To succeed in digital marketing, marketers need to focus on a pull strategy, which involves attracting customers by providing useful, relevant, and interesting information. This is in contrast to traditional media, which often involves “buying” attention to push products onto customers.
Exhibit 19.5 illustrates how a webpage gets discovered. When a user types a query, such as “how to choose marketing simulator”, into the search bar, algorithms interpret the information the user is seeking and identify the relevant pages from the search engine’s index of pages. The results are then posted in rank order on to the user’s search engine result pages (SERP).
To increase the likelihood of getting discovered, the landing page must therefore secure a high rank on search engine results. This requires a pull strategy targeting prospects with the information they are seeking and competing for keywords and phrases that they enter into search bars.
A pull strategy is important too for products that consumers do not usually seek information about online. For example, consumers may not typically search for information about brands of shampoo, but they do seek information on hair care. Marketers can attract customers by providing relevant information on popular hair care topics, such as hairstyles, hair fall, haircuts, hair colour, shampoo, long and short hair and hair salon.
Examples of pull strategies include sites that educate and offer advice on topics of general interest. For instance, P&G’s always.com (Exhibit 19.6) which offers advice on puberty and periods for teenage girls in a teen-friendly manner, or for instance Garnier which offers a wide range of hair and skin care tips for young adults (Exhibit 19.1).
Pampers.com, which offers baby and parenting advice, is yet another example of a site that attracts consumers by providing the information that they are seeking. The site is also a good example of the use of personalization in crafting a website. When a mother visits pampers.com, the content on the website is filtered and displayed according to her baby’s age group.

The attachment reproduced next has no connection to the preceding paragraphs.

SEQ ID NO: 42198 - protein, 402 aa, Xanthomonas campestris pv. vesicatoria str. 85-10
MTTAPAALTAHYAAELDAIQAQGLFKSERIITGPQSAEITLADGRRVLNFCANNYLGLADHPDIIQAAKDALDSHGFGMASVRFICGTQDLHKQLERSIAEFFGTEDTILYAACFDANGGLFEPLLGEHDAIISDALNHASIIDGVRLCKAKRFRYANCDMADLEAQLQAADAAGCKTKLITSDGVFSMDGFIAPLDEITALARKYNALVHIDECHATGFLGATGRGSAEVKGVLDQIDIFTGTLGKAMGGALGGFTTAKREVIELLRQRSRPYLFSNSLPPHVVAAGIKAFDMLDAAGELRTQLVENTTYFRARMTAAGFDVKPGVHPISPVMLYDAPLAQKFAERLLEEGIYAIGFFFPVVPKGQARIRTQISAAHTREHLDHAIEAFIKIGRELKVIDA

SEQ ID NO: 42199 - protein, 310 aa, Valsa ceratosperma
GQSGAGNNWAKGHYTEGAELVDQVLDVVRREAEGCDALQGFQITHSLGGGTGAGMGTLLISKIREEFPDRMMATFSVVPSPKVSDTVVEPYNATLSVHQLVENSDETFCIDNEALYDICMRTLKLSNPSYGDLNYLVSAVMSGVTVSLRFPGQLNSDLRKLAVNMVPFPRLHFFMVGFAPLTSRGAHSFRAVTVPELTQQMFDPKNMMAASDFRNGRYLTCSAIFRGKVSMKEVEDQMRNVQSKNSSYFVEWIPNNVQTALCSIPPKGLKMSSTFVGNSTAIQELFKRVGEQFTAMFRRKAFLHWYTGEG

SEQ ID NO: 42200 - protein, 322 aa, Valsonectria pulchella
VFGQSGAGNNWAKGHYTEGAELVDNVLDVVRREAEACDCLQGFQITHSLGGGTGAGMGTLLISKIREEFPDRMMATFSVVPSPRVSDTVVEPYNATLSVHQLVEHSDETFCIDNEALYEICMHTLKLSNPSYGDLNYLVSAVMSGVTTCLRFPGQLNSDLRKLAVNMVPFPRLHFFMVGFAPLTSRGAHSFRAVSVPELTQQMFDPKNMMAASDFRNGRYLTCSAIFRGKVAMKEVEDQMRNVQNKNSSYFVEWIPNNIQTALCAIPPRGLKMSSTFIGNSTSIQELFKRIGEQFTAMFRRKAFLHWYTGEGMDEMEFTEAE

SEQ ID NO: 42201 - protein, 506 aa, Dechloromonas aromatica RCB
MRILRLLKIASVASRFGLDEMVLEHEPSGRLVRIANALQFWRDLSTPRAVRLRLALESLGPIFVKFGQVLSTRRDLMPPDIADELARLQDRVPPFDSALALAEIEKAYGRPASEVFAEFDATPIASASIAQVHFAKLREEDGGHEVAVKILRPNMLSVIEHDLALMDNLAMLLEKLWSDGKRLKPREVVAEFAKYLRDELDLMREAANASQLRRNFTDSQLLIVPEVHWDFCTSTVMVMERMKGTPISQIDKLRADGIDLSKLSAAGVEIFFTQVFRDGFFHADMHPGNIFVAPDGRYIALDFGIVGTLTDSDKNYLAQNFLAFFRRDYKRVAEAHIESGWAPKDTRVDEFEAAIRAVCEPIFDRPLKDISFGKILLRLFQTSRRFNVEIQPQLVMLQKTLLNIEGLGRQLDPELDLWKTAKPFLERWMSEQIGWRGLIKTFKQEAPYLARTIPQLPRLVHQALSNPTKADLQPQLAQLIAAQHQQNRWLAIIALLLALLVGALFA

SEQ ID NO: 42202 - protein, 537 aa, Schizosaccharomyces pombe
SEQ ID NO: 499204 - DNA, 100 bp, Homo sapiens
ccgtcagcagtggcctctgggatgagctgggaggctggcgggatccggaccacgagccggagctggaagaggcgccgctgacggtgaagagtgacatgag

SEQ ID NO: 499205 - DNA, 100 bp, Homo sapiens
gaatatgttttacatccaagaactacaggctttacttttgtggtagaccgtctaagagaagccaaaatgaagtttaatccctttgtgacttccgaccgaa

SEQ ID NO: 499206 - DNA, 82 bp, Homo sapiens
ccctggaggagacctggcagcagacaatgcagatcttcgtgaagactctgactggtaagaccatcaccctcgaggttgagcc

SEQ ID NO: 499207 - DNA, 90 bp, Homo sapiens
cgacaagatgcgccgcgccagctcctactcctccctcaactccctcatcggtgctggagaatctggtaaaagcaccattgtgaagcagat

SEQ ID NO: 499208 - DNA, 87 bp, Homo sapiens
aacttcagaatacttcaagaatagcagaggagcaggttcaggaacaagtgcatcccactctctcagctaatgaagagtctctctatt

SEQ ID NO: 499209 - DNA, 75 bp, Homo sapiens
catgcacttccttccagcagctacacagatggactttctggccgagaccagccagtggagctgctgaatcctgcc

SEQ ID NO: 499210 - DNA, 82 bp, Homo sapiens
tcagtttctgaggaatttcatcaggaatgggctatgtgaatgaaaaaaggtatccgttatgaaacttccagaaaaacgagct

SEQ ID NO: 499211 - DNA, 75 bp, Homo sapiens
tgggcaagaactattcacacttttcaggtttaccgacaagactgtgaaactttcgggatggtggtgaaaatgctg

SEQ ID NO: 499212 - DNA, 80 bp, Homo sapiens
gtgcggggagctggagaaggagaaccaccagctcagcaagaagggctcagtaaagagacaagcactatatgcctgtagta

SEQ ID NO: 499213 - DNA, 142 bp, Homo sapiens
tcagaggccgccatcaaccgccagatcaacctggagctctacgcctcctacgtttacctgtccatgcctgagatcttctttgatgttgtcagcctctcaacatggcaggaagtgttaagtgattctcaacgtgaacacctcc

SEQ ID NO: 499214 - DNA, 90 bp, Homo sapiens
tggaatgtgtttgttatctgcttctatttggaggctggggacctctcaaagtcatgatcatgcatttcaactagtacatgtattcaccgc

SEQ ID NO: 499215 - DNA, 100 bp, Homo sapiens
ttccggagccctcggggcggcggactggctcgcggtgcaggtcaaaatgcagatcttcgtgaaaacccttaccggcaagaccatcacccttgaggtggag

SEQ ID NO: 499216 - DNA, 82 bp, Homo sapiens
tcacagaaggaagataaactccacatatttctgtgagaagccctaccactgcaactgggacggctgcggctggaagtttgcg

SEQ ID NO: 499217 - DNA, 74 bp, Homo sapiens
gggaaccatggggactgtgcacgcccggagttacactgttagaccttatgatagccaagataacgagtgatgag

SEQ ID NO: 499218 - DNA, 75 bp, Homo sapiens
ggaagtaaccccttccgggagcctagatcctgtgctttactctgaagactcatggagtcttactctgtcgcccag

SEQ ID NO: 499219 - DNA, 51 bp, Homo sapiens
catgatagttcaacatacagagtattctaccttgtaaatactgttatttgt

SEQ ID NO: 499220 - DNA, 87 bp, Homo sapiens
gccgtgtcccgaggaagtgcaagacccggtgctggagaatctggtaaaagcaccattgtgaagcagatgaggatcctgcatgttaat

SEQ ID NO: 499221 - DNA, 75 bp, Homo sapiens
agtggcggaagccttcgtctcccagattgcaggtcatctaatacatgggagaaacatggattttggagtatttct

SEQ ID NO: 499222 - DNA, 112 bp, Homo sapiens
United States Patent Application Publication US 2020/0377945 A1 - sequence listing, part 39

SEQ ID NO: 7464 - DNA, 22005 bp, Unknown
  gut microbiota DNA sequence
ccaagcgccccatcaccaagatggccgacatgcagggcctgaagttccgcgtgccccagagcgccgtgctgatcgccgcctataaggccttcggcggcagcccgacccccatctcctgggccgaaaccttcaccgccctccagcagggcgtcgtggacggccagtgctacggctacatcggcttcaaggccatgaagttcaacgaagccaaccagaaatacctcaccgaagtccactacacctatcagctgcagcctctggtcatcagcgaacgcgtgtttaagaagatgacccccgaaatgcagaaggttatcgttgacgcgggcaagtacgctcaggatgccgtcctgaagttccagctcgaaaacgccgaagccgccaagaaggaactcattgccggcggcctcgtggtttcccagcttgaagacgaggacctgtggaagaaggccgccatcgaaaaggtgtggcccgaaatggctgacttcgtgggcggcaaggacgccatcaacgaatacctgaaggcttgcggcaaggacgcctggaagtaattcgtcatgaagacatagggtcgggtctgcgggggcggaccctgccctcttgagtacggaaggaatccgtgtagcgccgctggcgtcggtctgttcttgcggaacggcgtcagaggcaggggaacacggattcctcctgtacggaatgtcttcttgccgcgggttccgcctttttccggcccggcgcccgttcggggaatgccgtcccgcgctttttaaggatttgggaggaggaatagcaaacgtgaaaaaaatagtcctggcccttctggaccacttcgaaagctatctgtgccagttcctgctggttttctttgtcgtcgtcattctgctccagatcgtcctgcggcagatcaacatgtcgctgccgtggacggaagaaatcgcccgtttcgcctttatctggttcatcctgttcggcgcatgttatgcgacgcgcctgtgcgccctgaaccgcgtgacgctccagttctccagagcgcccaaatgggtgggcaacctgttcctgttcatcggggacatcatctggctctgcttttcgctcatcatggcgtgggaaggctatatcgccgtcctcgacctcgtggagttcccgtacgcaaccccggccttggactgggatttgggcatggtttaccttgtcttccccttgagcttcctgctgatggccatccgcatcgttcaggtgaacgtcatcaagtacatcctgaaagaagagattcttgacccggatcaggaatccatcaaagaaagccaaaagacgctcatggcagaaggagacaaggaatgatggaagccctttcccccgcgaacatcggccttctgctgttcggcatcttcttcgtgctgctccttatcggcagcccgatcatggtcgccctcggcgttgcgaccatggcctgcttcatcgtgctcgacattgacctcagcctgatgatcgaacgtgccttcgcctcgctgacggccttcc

Social media is also an effective tool for digital marketing, as it allows brands to gain awareness and build relationships with consumers without having to spend a lot of money on conventional advertising. Maria Sharapova’s Sugarpova candy line is an example of a successful digital marketing campaign that relied on social media to promote the product.
As mentioned earlier, the internet is a great leveller. A new or unheard of brand, could gain awareness, and build relationships with consumers without having to spend the kind of money that is required in traditional advertising. Sugarpova is one such example.
Maria Sharapova, armed with her celebrity status and a massive social media following, launched the premium candy line in 2012 with an initial investment of just US$500,000.
It was Jeff Rubin, a veteran in the candy industry, who conceived of the concept for Sugarpova and coined the brand’s name. The candies come in a variety of flavours with fun labels like “Flirty”, “Smitten Sour”, “Sassy”, and “Splashy”, and can be purchased on the company’s website (Exhibit 19.7) or at select outlets in some countries.
A year after the launch of the candy line, Sharapova expanded the Sugarpova brand to include a range of clothing and accessories, and in 2014, she introduced “Speedy”, a yoghurt gummy shaped like the iconic Porsche 911. In 2016, partnering with Baron Chocolatier, she introduced the “chocolate collection”, premium chocolate bars in four flavours.